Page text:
I also use a lot of doilies. I love how beautiful they are. I love that I’m contemporizing something that most people relate to grandmothers. I like to shift scales a lot – so I make things that are usually small big, or big things small… I also flip relationships a lot. I make things that are ugly, scary, and hurtful pretty and delicate. I also often explore my own history – things in Japanese culture particularly that I find interesting/compelling. Lately I’ve been thinking a lot about colour.
Any sort of message
How would you describe your work and where do you think it fits within the sphere of contemporary art?
Hmmm. What is my elevator speech for what my work is about? I’m a mixed media artist whose work revolves around domesticity, the line between Art and Craft, personal histories, a profound interest in colour, and uncovering the profound in the immediacy of the everyday that surrounds us. I’m interested in materiality, repetition (mediation vs. complexity) and how a swarm/multitude can alter our relationship to something in both positive and negative ways. I’m fascinated by the act of labor itself (which is often linked to work ethic), and I’m drawn to fixing or making beautiful things/events that frighten me or are out of my control. I see my art practice as an experiment. My studio and the world I interact with is my laboratory in which I conduct research and pose questions.
In the sphere of contemporary art – I can only hope that I fit in somewhere :). I bet arguments could be made that I’m aligned with a contemporary craft movement, with nods to minimalism and feminist agendas. In many ways I feel like contemporary art is now a free for all; to me the most compelling work comes from a personal space and is capable of expressing a message – ANY sort of message – from the love of the colour red to a political statement about corporatocracy. I like work that is beautiful for beauty’s sake, that is conceptual, that is witty, that is smart, sly, emotional, and I can only hope that my work functions on that level for some people some of the time.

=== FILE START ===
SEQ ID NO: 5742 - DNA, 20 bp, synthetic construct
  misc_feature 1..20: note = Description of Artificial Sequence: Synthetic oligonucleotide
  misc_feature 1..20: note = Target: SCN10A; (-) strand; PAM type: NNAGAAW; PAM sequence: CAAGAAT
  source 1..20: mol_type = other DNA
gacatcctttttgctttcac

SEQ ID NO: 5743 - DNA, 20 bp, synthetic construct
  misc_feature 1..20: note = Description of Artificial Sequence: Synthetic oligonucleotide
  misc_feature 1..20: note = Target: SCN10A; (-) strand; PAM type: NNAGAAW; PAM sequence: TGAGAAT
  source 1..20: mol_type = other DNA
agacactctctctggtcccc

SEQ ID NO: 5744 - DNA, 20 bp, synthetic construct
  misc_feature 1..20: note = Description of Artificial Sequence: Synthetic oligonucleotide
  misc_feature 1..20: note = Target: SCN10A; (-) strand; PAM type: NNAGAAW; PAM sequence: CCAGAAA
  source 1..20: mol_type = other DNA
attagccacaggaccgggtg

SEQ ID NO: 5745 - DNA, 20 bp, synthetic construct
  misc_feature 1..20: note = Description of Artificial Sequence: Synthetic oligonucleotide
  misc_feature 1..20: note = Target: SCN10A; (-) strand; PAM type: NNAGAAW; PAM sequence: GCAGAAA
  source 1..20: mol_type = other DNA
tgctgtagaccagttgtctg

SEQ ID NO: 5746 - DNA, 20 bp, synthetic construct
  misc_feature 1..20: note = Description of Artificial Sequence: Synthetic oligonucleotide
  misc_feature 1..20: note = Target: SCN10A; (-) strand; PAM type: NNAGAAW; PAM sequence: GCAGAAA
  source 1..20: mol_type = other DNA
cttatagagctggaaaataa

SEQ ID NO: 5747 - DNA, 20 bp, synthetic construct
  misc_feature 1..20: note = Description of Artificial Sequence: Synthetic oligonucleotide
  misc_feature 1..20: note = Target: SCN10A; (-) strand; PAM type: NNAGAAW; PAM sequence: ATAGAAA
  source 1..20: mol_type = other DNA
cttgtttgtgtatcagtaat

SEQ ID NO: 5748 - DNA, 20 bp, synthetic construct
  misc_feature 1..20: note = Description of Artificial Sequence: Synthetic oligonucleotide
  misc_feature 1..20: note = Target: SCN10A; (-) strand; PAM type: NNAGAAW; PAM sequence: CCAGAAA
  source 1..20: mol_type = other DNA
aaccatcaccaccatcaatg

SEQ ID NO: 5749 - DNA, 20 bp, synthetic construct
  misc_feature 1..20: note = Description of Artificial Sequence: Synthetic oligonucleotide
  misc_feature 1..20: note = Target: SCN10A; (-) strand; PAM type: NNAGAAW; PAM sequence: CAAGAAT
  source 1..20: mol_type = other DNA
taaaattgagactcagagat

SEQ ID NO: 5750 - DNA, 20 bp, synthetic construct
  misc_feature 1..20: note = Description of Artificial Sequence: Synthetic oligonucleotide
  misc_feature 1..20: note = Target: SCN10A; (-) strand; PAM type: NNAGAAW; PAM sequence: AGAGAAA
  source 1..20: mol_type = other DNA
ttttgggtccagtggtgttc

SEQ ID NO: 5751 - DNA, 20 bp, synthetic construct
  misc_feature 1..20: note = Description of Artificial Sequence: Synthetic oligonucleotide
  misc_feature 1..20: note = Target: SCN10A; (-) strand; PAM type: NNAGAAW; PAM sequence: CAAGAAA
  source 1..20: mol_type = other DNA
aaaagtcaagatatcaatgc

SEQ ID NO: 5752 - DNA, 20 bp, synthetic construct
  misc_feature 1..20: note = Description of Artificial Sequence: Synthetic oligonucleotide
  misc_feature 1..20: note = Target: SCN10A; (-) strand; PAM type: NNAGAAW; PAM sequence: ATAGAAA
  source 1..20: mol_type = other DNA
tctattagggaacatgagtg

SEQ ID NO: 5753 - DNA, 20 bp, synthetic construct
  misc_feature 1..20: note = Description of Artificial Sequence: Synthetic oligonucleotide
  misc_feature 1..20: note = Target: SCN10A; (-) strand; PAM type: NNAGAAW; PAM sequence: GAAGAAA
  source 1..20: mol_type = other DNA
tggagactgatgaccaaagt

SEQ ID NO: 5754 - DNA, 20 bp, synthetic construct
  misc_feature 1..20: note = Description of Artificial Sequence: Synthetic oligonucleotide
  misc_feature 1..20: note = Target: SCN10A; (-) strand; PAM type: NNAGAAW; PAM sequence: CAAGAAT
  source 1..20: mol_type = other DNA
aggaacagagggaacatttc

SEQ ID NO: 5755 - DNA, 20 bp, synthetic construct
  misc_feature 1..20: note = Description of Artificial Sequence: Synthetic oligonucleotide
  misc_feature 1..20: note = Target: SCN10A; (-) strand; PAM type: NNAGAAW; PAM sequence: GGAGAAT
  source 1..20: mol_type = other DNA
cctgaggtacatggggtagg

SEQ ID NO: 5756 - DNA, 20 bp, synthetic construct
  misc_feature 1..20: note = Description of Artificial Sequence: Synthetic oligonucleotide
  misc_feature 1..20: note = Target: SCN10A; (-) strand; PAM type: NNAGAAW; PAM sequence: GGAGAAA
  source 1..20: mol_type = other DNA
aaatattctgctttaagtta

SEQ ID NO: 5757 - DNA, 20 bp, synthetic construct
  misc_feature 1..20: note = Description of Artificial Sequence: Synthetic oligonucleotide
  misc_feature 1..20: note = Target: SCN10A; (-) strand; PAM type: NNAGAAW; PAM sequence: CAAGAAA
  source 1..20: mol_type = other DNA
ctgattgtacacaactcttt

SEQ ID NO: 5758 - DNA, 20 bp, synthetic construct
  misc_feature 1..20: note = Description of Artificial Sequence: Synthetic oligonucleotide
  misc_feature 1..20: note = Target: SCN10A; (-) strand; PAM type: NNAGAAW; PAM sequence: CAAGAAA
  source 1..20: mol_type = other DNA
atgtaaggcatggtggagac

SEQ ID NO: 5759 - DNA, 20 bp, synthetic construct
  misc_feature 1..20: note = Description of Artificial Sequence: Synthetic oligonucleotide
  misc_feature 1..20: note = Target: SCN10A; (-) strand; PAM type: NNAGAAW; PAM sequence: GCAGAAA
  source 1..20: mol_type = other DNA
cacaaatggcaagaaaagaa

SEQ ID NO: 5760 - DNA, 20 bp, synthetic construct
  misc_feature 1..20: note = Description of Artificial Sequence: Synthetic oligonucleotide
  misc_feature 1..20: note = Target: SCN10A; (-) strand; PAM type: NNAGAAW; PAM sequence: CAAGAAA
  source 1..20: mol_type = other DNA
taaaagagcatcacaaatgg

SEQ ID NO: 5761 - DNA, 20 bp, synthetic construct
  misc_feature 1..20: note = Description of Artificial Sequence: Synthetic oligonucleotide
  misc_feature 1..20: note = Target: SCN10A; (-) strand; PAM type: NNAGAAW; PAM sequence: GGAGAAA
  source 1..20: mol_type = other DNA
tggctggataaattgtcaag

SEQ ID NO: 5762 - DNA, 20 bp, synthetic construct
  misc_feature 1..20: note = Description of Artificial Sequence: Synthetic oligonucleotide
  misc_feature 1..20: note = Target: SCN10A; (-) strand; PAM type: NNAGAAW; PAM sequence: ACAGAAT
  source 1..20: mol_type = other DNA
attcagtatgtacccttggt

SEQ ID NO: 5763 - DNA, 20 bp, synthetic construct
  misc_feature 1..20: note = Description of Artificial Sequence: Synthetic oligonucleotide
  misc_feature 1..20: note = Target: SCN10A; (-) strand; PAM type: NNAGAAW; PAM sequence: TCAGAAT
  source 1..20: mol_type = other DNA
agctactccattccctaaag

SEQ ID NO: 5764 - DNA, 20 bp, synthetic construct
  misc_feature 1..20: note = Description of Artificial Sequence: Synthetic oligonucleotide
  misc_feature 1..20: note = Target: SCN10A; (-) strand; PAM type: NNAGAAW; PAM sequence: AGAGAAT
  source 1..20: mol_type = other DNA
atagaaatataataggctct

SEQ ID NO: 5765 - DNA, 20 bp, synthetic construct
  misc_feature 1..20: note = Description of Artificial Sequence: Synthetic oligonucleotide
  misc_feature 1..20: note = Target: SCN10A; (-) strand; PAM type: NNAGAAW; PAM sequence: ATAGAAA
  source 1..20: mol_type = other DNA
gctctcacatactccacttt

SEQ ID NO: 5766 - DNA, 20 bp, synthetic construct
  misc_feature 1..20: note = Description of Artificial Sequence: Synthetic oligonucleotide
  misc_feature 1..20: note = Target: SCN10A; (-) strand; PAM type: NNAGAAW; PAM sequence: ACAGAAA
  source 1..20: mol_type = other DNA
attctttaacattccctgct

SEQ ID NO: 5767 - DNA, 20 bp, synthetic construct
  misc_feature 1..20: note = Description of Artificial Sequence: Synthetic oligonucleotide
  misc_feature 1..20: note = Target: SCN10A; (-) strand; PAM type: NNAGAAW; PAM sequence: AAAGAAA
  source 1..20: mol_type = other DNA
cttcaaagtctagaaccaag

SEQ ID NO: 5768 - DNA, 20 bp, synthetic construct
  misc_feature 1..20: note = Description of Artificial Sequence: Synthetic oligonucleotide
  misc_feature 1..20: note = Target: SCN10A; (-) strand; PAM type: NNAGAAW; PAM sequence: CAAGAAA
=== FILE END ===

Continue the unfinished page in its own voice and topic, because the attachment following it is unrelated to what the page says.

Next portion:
A place for play
Tell us a bit about your process and what environment you like to work in?
I tend to work on small bodies of work – fluttering from one idea to another – working through the idea until I feel finished with it. Something sparks my interest and then I start researching. I like gathering data and images and facts and incorporating them into the work. Usually there is some really ridiculous amount of busy work in the work too. Something that I just have to repeat over and over to get the piece done (like thousands of french knots, or cross stitches, or a motif repeated multiple times).
Everything seems to be rooted in drawing. And I tend to like to keep something going on the side – a place for “play” so that new ideas and happy accidents can work their way into the studio. I think a lot about colour and placement – I tend to make tests and tape things up, or generate a strip of paper with every single red media that I have (pen, pencil, paint, ink) to find the right red to use.
My studio is a building that we built in my backyard. When I was pregnant with my daughter, my grandmother informed me that she wanted to talk to me (she had terminal lung cancer). She informed me that she was leaving me some money in her will – and that I could use it for ANYTHING that I wanted, but that since I was pregnant and my life was about to change, she was going to strongly recommend that I use it to build a studio in my backyard. She wanted me to have the means to continue making my art while being a mother and she thought it’d be easier for me if my studio was quite literally closer to home. Who was I to deny her? And boy was she ever right. Having my studio in the back has definitely been a Godsend and it’s amazing that I have such a great space to work in. My architect friend John Riordan helped design it – it has filtered natural light (my favourite), and long clean white walls for me to put things up – and a loft for storage. I’m so incredibly grateful for my space.
Part two of our interview with Lisa is coming soon. In the meantime, to find out more, visit LisaSolomon.com.